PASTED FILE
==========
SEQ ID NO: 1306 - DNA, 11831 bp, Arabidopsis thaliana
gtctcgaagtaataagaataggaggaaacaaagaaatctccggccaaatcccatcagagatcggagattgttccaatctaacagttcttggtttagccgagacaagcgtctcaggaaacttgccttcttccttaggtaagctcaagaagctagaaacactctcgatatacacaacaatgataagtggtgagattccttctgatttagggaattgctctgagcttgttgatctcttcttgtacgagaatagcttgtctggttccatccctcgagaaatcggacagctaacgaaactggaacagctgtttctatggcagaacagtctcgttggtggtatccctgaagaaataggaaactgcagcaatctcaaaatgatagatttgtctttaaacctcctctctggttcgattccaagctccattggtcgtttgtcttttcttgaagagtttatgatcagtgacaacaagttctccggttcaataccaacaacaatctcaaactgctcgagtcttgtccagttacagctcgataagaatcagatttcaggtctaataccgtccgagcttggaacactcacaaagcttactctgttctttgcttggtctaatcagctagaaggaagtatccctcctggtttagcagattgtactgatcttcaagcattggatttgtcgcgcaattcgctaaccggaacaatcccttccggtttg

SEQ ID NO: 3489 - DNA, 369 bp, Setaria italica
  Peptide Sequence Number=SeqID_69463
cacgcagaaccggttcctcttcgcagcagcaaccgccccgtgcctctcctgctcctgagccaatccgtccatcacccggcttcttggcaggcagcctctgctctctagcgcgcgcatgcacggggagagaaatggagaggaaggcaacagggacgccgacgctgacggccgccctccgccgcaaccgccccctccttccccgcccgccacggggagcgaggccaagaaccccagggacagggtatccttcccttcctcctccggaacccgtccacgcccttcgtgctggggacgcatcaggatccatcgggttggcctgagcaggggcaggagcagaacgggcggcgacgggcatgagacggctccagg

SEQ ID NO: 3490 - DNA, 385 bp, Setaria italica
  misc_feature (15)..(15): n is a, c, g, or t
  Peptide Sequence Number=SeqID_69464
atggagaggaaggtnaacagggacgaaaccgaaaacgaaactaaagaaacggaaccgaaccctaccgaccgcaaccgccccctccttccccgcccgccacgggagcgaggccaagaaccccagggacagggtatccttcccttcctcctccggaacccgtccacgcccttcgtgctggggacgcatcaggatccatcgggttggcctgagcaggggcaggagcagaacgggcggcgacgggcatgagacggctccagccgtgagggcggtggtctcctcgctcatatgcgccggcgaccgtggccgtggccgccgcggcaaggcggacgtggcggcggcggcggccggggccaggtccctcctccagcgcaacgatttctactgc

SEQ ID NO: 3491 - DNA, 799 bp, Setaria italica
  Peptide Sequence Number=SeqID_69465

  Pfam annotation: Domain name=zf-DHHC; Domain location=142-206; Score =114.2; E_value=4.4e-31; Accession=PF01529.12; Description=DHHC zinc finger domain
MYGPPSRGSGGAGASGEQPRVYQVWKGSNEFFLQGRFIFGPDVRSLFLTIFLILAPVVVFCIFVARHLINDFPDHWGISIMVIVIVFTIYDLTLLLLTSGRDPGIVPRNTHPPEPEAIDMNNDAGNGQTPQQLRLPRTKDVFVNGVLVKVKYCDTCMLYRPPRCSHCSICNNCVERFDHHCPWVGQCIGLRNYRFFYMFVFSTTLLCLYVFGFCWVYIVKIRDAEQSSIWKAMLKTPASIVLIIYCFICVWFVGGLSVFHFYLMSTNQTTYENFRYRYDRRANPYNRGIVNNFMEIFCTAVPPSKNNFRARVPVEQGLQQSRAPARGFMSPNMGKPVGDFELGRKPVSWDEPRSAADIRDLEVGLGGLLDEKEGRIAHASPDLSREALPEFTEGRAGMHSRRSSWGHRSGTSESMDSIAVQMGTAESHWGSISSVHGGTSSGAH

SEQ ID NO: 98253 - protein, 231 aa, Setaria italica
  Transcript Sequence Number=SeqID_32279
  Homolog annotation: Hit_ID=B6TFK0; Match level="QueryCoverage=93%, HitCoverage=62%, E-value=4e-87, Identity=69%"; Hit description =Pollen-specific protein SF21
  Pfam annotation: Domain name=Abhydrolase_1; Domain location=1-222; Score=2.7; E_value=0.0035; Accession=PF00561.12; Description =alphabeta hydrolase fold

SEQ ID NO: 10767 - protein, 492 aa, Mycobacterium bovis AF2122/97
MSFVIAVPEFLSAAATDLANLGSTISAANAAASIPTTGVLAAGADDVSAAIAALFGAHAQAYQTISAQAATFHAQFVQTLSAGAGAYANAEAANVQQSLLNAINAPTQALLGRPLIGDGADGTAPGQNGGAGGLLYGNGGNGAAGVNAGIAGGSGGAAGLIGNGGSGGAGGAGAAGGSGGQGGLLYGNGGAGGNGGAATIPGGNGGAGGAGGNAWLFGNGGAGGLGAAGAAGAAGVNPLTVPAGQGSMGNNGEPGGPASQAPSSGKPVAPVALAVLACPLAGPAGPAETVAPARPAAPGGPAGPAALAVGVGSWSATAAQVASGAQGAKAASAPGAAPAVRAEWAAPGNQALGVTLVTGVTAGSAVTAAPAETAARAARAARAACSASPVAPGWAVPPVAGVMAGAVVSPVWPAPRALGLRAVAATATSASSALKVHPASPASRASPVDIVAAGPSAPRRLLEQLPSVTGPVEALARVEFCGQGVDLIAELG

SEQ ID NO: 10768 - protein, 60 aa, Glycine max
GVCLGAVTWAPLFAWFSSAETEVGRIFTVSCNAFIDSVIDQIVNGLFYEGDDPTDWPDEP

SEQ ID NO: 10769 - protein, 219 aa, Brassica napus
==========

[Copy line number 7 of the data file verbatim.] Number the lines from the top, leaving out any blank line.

  misc_feature (15)..(15): n is a, c, g, or t